The water is still rising

With a major break in the 17th Street Canal levee running between the city and Lake Pontchartrain, water is going to continue to flood into the city until the two levels reach the same height, or the breach is closed.  But getting the breach closed is going to take heavy equipment that must be taken to the site, and we are back to a time issue.  And also a people issue, since as has been noted in the comments section, local residents right now have a lot more things to worry about than just getting back to work.

With this level of devastation, predictions of short-term resolution are becoming increasingly unrealistic.  With the LOOP unavailable and the distribution networks also closed, the impact on gas will slowly spread throughout the country.  We highlighted the problems of gas supply in South Florida, because this is already being discussed, and they are heavily dependant on the refineries around New Orleans, but the same holds true in the Midwest in general.  

Until an hour ago the Times Picayune was the best source of information but the rising water has driven them, from their building, though the site is still up, but under heavy traffic. (Thanks Stuart).

does anyone have latest info on LOOP damage assessment?  projected reopen time frame?  i live in the NW, far from the action, and i'm thinking about stockpiling gas....
An aerial inspection did not report too much obvious damage to the LOOP facility itself but the docks, and facilities that service the offshore oil structures has been devastated, and there are losses in the supply fleet that is also needed (both helicopters and boats).  I was also reminded that most of the management of these operations occupies office space in New Orleans, so it may be that some amount of time has to be set aside for those running the operation to find a new place from which to do that.  And the phone lines are understandably jammed or non-functional.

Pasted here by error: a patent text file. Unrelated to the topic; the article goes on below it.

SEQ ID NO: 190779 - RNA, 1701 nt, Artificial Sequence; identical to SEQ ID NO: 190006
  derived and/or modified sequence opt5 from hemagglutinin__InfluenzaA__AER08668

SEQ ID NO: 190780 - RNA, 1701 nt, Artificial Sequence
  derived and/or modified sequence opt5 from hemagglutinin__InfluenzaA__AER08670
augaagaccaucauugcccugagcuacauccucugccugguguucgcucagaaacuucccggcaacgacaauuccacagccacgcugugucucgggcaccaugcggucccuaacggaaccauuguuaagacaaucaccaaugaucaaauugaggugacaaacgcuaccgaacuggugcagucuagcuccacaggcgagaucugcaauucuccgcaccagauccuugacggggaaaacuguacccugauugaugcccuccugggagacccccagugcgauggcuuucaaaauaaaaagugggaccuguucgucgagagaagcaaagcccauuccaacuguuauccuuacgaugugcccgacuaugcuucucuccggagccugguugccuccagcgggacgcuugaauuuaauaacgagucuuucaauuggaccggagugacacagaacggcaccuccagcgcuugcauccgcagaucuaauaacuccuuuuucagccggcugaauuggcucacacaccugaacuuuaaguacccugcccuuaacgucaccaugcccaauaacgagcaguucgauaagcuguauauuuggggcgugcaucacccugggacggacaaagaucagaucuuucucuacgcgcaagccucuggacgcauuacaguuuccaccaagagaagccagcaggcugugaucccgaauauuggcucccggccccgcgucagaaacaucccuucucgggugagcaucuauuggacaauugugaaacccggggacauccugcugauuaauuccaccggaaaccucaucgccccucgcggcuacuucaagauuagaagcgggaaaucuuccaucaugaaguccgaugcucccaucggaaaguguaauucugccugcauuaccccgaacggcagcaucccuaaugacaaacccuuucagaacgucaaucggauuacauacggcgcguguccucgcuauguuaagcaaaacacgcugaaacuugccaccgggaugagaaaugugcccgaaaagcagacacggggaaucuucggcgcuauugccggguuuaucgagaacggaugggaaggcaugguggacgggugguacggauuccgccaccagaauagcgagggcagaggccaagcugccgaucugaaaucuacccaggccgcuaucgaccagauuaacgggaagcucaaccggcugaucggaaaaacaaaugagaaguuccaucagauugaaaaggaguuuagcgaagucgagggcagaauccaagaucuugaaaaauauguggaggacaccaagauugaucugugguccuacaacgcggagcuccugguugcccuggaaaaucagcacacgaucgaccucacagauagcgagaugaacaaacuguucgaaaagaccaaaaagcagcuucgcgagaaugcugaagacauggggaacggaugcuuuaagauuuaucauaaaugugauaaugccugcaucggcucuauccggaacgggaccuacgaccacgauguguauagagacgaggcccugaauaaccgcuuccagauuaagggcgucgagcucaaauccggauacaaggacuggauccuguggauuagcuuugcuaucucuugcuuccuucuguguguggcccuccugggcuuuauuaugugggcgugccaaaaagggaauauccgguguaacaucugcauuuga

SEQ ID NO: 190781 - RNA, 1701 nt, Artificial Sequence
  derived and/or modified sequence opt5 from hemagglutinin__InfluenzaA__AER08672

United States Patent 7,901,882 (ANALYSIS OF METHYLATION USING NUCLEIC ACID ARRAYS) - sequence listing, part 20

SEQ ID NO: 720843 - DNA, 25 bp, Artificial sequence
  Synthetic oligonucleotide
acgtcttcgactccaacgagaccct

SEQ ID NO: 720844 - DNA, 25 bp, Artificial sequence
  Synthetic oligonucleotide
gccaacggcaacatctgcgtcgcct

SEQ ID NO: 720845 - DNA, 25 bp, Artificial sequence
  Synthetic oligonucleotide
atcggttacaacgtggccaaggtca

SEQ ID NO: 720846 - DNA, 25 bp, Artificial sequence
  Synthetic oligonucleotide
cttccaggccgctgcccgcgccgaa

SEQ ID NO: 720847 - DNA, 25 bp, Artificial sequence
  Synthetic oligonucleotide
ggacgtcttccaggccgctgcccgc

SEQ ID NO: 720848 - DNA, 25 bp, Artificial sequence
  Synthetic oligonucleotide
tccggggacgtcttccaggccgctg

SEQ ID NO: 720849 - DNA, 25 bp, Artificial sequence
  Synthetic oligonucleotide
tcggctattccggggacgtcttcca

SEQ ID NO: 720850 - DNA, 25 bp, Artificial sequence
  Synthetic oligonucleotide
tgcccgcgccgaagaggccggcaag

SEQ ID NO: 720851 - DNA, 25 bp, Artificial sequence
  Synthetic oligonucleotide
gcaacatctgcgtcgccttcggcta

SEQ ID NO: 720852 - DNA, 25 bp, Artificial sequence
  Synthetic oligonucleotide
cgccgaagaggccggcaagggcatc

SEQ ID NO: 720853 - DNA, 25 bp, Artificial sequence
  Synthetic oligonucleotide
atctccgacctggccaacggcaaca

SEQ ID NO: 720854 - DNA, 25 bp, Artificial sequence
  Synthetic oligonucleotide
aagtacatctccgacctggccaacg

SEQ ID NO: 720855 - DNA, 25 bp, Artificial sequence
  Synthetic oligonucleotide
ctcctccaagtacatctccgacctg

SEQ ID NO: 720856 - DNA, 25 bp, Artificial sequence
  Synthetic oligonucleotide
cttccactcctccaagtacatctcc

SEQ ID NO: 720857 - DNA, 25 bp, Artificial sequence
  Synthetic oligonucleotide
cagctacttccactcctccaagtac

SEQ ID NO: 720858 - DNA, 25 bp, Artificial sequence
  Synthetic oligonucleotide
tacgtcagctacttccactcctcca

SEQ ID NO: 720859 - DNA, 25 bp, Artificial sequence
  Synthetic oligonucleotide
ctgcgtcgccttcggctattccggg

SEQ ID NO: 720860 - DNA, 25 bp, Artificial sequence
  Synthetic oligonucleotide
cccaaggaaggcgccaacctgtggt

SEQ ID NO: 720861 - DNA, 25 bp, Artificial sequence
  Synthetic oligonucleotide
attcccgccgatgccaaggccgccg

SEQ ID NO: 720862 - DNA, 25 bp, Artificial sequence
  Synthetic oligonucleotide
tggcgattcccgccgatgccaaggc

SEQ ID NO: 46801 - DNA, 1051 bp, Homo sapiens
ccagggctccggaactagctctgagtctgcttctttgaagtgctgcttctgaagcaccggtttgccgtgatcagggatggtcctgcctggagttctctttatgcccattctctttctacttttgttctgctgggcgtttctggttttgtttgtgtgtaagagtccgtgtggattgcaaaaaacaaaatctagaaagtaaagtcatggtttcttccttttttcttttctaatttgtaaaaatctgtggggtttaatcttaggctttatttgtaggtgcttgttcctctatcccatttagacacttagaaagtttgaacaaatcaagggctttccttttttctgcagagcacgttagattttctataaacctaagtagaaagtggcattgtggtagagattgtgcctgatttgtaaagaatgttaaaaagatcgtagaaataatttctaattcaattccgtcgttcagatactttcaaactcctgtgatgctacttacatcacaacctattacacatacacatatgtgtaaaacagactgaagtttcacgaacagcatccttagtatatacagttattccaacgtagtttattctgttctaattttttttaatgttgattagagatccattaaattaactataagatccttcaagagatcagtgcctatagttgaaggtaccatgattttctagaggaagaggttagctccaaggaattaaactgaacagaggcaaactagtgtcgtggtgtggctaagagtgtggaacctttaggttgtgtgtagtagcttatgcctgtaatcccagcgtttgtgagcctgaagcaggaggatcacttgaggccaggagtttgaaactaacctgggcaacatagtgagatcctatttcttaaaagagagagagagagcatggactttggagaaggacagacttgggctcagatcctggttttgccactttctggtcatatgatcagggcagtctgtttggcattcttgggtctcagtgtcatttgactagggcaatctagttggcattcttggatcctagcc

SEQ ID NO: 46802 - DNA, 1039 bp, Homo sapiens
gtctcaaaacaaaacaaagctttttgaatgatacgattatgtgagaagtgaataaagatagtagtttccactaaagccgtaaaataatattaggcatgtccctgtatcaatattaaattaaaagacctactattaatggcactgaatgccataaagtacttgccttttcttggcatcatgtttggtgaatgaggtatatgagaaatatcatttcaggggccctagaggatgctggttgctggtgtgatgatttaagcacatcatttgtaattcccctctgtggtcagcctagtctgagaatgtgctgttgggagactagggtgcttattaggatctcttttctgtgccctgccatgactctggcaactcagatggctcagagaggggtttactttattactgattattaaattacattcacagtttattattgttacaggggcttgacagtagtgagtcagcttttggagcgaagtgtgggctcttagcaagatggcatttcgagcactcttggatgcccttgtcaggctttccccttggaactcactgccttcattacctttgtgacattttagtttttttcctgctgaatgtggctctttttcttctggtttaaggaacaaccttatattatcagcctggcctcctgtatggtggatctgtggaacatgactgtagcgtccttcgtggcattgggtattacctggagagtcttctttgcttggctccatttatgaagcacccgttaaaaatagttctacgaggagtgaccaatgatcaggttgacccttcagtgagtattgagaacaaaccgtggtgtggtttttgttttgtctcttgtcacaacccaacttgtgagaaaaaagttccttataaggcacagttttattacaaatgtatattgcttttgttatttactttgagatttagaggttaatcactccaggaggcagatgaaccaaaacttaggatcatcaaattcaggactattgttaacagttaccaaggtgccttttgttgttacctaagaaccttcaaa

get busy - J emailed me - he is filling drums now as he expects prices to hop soon.
Witness a sobering assessment by a noble, well-informed mayor of New Orleans.  Mayor Ray Nagin updates state of the city. Click for the story.

With such widespread damage, even if they turn the power on tomorrow, all of their workers have been displaced for weeks if not months.  No, this is a long term breakdown, y'all.  They're talking about housing tens of thousands of refugees on an ongoing basis.  Not exactly conducive to "Honey, I'm going back to work on the rig now, have fun with the kids!"

I just saw on CNN that the president is ending his vacation two days early.  How nice of him to come back to the office...

"Break in 17th Street Canal Levee is now 200 feet wide and slowly flooding the City of New Orleans. Huge sand bags are being airlifted to try to stem the rush of water in that area. The expectations are that the water will not stop until it reaches lake level."

You all have probably seen this. I'd like to offer a possibility of something that may happen.

If it really does get to lake level, does an argument start to grow about whether or not New Orleans is simply abandoned? At what point does the cost of rebuilding outweigh the cost of leaving the city be. It seems farfetched for me to say it, but it's something I've been thinking about for a while.

Not to mention, the risk of future damages due to future storms and potentially global warming (we can all debate it's factuality but even if it's a % chance, it's still a quantifiable risk).
when was the last time a city got completely destroyed? and not repopulated.  Pompey?
Well, when Atttila the Hun invaded Italy, he razed the coast city Aquileia. The survivors never returned to the city and started to live at the sea isles and lagoons near the coast. So, Venice was set. The name "Venice" come from a Latin phrase that can be translated as "Are you here too [hiding from the huns]?"
Managua, Nicaragua was destroyed in the 1972 earthquake.  My ex-wife said that the damaged buildings were abandoned.  This article states that only recently have these properties begun restoration.

My wife and I had this very conversation this morning.  Honestly, I don't know at what point you abandon a major US city that's been devastated by a natural disaster.  Clearly, there is such a point, but my gut instinct is that as bad as things are in New Orleans, we're not there.